Dictionary of National Biography, 1885-1900/Levy, Joseph Moses
LEVY, JOSEPH MOSES (1812–1888), founder of the ‘Daily Telegraph,’ born in London on 15 Dec. 1812, was son of Moses Lionel Levy, by Helena, daughter of J. Moses, esq., and was like his father a professing Jew. He was educated at Bruce Castle school, under Thomas Wright Hill [q. v.], and in Germany. He engaged in youth in commercial pursuits, and soon purchased and carried on a printing establishment in Shoe Lane, Fleet Street. He thus became connected with the ‘Sunday Times,’ of which he became chief proprietor in 1855, and he conducted that paper for a year. The ‘Daily Telegraph and Courier’ was founded by Colonel Sleigh as a twopenny daily newspaper on 29 June 1855. Sleigh quickly became heavily indebted to Levy, who took over the newspaper in settlement of his claims. On 17 Sept. 1855 it was issued as the ‘Daily Telegraph’ by Levy at a penny, being the first London daily newspaper produced at that price. It was in a very bad financial position at the time, and the proceeds of the first day's advertisements are stated to have been 7s. 6d. The appearance, however, of a well-edited daily paper at a penny excited great attention. Levy devoted all his capital to the enterprise, and induced many members of his family to follow his example. The circulation rose very rapidly, and on the repeal of the paper duties, which Levy did his best to obtain, the profits grew to be very large. Levy devoted himself entirely to his newspaper. He collected round him a band of able writers, including Thornton Leigh Hunt [q. v.], Sir Edwin Arnold, Mr. G. A. Sala, and many others. Until the last years of his life he daily visited the offices in Fleet Street, and supervised the management in the minutest details, invariably giving much attention to artistic and theatrical articles, for which he held himself especially responsible. The politics of the paper were liberal until 1886, when the principles of the liberal unionists were adopted. Levy was privately very charitable, and was a generous patron of music and the drama. He died at Florence Cottage, Ramsgate, on 12 Oct. 1888, and was buried at Balls Pond cemetery, London. He married in 1831 Esther, daughter of N. G. Cohen, and she died in 1883, leaving a large family. The eldest son, Sir Edward Lawson, was created a baronet in 1892.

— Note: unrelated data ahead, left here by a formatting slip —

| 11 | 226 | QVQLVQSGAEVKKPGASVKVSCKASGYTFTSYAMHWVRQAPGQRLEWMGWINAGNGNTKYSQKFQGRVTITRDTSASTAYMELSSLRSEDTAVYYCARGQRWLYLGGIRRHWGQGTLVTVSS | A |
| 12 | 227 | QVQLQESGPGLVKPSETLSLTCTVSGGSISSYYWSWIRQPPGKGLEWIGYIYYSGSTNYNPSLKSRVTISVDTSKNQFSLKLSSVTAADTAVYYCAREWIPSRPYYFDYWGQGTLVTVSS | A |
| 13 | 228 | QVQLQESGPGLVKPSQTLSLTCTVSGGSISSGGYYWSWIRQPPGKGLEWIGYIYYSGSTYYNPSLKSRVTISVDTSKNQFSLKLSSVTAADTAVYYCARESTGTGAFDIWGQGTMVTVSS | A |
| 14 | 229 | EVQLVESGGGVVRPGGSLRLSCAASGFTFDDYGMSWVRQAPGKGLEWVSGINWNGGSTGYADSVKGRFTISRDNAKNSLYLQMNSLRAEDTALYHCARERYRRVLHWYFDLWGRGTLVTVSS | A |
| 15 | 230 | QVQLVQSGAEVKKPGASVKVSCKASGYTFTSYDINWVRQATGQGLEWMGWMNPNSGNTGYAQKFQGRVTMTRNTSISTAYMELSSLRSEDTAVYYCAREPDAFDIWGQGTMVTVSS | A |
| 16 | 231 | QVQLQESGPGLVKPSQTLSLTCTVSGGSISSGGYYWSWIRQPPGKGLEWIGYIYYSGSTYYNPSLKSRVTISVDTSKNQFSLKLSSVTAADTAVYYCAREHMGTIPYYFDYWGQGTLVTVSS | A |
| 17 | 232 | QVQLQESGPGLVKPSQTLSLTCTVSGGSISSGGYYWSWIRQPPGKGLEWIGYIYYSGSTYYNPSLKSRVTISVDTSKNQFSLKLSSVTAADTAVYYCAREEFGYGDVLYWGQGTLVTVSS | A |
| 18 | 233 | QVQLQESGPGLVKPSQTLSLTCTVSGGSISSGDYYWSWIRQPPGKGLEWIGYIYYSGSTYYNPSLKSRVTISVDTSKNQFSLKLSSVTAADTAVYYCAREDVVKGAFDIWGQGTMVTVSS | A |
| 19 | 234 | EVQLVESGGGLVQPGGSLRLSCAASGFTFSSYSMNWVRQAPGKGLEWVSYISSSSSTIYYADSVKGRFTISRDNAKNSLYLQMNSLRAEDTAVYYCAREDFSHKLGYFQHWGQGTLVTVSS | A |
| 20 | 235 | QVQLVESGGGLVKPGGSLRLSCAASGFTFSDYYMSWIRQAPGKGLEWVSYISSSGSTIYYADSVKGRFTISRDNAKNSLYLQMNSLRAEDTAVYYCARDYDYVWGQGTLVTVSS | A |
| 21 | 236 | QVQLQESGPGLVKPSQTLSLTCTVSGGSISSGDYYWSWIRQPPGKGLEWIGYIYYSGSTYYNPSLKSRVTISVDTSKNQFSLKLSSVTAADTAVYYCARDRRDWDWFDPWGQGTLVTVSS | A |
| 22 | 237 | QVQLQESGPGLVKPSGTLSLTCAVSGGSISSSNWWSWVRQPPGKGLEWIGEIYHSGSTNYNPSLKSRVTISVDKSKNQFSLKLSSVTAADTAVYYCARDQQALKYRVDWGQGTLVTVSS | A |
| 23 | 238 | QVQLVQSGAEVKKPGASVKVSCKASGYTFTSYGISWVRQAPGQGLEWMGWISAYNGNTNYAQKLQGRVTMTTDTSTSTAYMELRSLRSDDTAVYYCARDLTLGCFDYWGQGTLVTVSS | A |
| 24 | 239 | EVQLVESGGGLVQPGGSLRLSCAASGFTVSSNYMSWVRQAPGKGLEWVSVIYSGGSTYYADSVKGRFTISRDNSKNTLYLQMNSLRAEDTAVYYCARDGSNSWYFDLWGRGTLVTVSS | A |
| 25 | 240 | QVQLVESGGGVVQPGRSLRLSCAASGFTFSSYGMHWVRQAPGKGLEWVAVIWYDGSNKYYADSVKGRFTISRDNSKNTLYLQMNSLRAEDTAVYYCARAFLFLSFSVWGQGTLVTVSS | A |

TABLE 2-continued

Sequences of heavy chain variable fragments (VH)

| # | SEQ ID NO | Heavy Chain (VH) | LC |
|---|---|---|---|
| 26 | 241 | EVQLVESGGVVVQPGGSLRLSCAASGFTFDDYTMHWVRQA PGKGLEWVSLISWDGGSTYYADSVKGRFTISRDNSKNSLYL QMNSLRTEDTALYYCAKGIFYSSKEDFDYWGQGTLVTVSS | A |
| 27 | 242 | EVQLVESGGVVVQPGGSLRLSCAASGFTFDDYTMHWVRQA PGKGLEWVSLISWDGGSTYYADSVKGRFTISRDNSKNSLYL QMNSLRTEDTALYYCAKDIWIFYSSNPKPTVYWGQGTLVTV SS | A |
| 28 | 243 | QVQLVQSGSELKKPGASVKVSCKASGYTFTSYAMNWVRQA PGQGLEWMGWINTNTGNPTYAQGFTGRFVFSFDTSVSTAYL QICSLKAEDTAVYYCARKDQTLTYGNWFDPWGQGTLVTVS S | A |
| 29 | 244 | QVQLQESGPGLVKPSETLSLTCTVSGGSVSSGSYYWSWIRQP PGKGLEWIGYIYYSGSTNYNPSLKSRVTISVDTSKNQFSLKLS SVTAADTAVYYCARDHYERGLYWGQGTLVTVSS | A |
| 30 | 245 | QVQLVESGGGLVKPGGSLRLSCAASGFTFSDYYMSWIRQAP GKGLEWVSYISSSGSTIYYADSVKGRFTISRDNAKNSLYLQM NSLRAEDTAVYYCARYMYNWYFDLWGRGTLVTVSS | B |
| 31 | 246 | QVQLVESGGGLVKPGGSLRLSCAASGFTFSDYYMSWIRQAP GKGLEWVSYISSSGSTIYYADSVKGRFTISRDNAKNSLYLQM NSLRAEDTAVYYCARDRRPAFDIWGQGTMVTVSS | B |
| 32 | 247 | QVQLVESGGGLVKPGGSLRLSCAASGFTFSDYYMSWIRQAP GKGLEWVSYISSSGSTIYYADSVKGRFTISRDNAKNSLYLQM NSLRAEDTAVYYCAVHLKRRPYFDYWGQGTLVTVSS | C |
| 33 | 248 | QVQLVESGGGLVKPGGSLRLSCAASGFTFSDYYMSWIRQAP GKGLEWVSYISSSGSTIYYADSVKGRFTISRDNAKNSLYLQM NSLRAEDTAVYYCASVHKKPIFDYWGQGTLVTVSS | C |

[Times, 13 Oct. 1888; Daily Telegraph, 13 Oct. 1888; Grant's Newspaper Press; ii. 92, &c.; Fox Bourne's Hist. of the Newspaper Press; private information.]